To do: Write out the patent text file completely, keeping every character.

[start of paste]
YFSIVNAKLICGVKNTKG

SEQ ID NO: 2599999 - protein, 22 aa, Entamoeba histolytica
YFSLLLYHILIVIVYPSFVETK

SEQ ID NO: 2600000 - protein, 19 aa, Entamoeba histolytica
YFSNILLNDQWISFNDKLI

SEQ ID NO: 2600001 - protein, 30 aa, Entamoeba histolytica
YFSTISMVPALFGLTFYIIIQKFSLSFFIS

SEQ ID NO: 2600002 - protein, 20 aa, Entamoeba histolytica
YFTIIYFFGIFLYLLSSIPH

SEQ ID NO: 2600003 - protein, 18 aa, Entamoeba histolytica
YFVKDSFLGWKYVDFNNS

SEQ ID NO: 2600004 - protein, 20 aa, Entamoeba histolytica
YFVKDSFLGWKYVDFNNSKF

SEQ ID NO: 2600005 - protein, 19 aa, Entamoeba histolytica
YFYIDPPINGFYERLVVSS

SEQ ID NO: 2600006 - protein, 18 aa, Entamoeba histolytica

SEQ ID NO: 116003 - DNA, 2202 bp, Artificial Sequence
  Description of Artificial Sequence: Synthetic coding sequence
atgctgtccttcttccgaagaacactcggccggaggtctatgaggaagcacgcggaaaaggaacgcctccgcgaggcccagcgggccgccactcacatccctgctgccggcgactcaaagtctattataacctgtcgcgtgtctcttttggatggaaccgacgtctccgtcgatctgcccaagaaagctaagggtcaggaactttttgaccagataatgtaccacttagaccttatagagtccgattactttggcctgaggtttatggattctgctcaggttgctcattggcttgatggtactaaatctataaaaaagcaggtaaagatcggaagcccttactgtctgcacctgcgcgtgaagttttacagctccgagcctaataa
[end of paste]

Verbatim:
YFSIVNAKLICGVKNTKG

SEQ ID NO: 2599999 - protein, 22 aa, Entamoeba histolytica
YFSLLLYHILIVIVYPSFVETK

SEQ ID NO: 2600000 - protein, 19 aa, Entamoeba histolytica
YFSNILLNDQWISFNDKLI

SEQ ID NO: 2600001 - protein, 30 aa, Entamoeba histolytica
YFSTISMVPALFGLTFYIIIQKFSLSFFIS

SEQ ID NO: 2600002 - protein, 20 aa, Entamoeba histolytica
YFTIIYFFGIFLYLLSSIPH

SEQ ID NO: 2600003 - protein, 18 aa, Entamoeba histolytica
YFVKDSFLGWKYVDFNNS

SEQ ID NO: 2600004 - protein, 20 aa, Entamoeba histolytica
YFVKDSFLGWKYVDFNNSKF

SEQ ID NO: 2600005 - protein, 19 aa, Entamoeba histolytica
YFYIDPPINGFYERLVVSS

SEQ ID NO: 2600006 - protein, 18 aa, Entamoeba histolytica

SEQ ID NO: 116003 - DNA, 2202 bp, Artificial Sequence
  Description of Artificial Sequence: Synthetic coding sequence
atgctgtccttcttccgaagaacactcggccggaggtctatgaggaagcacgcggaaaaggaacgcctccgcgaggcccagcgggccgccactcacatccctgctgccggcgactcaaagtctattataacctgtcgcgtgtctcttttggatggaaccgacgtctccgtcgatctgcccaagaaagctaagggtcaggaactttttgaccagataatgtaccacttagaccttatagagtccgattactttggcctgaggtttatggattctgctcaggttgctcattggcttgatggtactaaatctataaaaaagcaggtaaagatcggaagcccttactgtctgcacctgcgcgtgaagttttacagctccgagcctaataa